When you have within yourself a deep insight into this you immediately realize that all that you need is there in perfection, in abundance, and nothing at all is wanting in you. You may have most earnestly and diligently disciplined yourself for aeons and passed through all the stages of bodhisattvahood, but when you come to have a realization in one thought it is no other than this: that you are from the start the Buddha himself and no other. The realization has not added anything to you beyond this truth. When you look back and survey all of the disciplinary measures you have gone through, you only find that they have been no more than so many idle doings in a dream. Therefore, it is told by the Tathagata that he had attained nothing when he had enlightenment, and that if he had really attained anything, Buddha Dipankara would never have testified to it. (Suzuki, 1935, p. 81)

Hakuin

For penetrating to the depths of one’s own true self-nature, and for attaining a vitality valid on all occasions, nothing can surpass meditation in the midst of activity. The Zen Master Ta-hui has said that meditation in the midst of activity is immeasurably superior to the quietistic approach. Po-shan has said that if one does not attain to this meditation within activity, one’s practice is like trying to cross a mountain ridge as narrow as a sheep’s skull with a hundred-and-twenty pounds load on one’s back.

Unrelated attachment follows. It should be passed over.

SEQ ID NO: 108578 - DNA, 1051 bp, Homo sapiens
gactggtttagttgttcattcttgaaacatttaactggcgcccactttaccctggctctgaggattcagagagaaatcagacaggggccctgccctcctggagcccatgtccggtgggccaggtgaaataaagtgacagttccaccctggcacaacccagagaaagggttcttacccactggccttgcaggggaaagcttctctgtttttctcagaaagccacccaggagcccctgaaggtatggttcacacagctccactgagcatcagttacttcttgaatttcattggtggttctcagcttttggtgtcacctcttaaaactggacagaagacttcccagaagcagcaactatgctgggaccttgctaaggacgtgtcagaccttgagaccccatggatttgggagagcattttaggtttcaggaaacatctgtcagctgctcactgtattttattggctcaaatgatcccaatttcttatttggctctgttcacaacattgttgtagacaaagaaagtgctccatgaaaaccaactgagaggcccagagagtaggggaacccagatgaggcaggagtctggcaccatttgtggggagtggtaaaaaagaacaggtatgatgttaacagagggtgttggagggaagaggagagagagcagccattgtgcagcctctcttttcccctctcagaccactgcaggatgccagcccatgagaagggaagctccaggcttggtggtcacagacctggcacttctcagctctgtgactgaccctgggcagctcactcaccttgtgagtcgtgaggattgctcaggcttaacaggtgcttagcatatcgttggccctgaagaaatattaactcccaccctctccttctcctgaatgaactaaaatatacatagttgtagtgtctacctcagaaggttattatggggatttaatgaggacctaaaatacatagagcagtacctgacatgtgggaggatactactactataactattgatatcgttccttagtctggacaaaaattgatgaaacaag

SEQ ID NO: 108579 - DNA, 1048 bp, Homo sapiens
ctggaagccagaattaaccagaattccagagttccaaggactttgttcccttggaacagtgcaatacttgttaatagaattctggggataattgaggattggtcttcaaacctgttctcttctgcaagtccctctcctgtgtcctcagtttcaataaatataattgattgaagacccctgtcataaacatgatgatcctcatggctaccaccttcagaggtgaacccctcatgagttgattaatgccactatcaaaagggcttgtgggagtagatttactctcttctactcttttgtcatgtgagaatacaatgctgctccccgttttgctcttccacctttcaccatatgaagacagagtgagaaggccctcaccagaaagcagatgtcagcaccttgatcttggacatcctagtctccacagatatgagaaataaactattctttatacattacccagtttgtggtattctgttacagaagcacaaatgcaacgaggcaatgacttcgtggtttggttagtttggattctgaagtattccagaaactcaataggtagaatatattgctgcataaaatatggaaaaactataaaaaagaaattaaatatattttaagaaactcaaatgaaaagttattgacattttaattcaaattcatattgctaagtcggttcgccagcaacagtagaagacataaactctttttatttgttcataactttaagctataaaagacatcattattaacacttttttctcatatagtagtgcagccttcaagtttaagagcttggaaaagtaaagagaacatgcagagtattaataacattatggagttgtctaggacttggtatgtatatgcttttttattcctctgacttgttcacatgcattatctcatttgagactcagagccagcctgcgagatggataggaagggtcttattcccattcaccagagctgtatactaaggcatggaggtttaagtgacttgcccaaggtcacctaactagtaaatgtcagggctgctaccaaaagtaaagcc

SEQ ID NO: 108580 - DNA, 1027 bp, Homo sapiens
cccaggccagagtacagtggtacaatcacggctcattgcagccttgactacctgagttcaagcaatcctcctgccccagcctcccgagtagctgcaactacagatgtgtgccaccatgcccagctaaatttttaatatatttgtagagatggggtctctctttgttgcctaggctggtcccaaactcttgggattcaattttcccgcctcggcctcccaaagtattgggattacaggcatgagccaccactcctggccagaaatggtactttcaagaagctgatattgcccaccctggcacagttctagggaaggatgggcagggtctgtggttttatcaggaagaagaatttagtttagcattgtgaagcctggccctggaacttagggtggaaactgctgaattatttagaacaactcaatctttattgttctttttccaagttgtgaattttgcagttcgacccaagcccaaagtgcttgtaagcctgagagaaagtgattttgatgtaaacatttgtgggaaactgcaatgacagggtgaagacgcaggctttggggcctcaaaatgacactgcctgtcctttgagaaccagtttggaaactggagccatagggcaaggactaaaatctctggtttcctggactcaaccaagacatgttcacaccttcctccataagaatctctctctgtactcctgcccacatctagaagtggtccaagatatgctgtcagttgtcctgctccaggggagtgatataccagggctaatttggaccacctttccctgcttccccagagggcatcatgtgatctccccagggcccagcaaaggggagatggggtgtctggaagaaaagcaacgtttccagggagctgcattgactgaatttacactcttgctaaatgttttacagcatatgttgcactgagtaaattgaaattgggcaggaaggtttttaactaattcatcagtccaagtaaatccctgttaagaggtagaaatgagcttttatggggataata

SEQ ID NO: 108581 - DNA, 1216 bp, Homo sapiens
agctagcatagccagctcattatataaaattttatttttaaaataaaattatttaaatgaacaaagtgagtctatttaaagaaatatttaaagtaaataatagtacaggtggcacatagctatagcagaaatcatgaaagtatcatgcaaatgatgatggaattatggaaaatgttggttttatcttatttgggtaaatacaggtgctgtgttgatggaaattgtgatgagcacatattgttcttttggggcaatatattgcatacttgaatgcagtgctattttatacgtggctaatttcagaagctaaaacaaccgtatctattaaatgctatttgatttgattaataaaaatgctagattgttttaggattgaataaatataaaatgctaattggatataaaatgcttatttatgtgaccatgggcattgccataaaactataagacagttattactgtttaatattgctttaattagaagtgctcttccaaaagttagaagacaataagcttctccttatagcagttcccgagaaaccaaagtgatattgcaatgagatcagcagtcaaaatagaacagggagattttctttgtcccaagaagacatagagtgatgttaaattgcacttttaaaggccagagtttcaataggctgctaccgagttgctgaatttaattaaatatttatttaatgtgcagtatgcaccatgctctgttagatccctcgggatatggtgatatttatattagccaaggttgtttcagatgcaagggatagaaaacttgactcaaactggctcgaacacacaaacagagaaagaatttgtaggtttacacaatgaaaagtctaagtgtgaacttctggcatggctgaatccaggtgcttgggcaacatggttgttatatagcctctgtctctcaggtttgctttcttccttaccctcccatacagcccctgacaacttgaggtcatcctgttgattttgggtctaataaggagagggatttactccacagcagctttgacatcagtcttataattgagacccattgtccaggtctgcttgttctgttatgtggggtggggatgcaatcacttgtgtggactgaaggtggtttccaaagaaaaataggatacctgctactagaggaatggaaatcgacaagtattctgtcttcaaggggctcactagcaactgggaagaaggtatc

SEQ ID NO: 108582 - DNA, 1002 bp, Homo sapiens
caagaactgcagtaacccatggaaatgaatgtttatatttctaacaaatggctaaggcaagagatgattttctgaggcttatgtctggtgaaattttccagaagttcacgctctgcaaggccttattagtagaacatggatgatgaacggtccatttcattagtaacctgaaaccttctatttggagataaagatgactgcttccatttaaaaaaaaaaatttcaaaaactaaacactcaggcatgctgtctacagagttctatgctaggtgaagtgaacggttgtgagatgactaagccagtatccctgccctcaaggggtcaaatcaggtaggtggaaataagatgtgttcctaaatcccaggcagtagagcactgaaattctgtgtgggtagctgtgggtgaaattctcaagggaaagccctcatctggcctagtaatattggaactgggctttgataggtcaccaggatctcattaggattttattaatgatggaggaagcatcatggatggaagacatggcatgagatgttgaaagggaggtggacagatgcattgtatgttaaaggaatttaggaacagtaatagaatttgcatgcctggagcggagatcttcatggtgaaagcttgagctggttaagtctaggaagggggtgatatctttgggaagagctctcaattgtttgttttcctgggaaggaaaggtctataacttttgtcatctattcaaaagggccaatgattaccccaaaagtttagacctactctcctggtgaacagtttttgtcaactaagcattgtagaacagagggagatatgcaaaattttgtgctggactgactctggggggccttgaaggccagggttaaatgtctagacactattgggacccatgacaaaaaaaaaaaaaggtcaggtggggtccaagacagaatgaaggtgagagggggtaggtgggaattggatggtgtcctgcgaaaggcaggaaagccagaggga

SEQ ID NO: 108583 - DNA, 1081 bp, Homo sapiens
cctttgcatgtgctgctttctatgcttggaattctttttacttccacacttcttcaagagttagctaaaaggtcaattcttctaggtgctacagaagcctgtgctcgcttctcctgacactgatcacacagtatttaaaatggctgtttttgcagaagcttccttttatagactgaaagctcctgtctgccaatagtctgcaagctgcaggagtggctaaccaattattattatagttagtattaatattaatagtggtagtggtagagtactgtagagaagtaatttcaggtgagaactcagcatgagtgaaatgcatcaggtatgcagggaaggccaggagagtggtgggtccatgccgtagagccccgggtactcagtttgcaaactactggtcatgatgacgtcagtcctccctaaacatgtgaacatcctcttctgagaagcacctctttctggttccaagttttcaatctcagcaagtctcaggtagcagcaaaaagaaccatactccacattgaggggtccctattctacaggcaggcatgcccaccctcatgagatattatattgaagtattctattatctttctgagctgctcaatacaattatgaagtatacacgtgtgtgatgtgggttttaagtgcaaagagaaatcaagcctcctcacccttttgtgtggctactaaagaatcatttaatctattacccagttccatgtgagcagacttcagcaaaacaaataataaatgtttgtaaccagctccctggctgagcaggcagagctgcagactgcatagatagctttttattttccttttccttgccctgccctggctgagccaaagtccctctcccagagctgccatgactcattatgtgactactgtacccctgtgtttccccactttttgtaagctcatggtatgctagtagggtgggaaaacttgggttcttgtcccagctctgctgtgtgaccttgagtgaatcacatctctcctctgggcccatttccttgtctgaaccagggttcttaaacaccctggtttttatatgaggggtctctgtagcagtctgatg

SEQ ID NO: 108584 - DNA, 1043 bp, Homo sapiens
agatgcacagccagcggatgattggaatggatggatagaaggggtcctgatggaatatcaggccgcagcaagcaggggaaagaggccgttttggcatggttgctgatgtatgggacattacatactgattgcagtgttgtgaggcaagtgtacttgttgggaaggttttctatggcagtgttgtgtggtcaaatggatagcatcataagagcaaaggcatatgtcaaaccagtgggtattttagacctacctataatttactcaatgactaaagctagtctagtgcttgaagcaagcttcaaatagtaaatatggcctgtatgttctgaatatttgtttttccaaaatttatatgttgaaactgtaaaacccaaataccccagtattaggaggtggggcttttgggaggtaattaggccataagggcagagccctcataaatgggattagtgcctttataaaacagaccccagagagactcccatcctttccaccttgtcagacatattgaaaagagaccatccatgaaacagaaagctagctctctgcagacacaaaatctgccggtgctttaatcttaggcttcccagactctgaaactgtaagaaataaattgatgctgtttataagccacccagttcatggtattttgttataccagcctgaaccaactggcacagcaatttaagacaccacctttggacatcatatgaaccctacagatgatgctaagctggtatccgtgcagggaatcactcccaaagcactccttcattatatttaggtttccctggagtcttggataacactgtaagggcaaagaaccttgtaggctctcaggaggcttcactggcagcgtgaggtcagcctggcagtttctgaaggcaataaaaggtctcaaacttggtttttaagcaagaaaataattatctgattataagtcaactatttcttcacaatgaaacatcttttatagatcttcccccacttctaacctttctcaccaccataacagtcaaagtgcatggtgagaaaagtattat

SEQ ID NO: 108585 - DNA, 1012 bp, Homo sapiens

This is why Myōchō has said:

Watch the horses competing at the Kamo racegrounds;
Back and forth they run—yet this is sitting in meditation.

The Priest of Shinju-an has explained it in this way: “Don’t read the sutras, practice meditation; don’t sweep the floor, practice meditation; don’t plant the tea seeds, practice meditation; don’t ride a horse, practice meditation.” This is the attitude of the men of old to true Zen study.

In the middle ages when the Zen Sect flourished, samurai and high officials whose minds were dedicated to the true meditation would, when they had a day off from their official duties, mount their horses and, accompanied by seven or eight robust soldiers, gallop about places crowded with people. Their purpose was to test the quality and validity of their meditation in the midst of activity.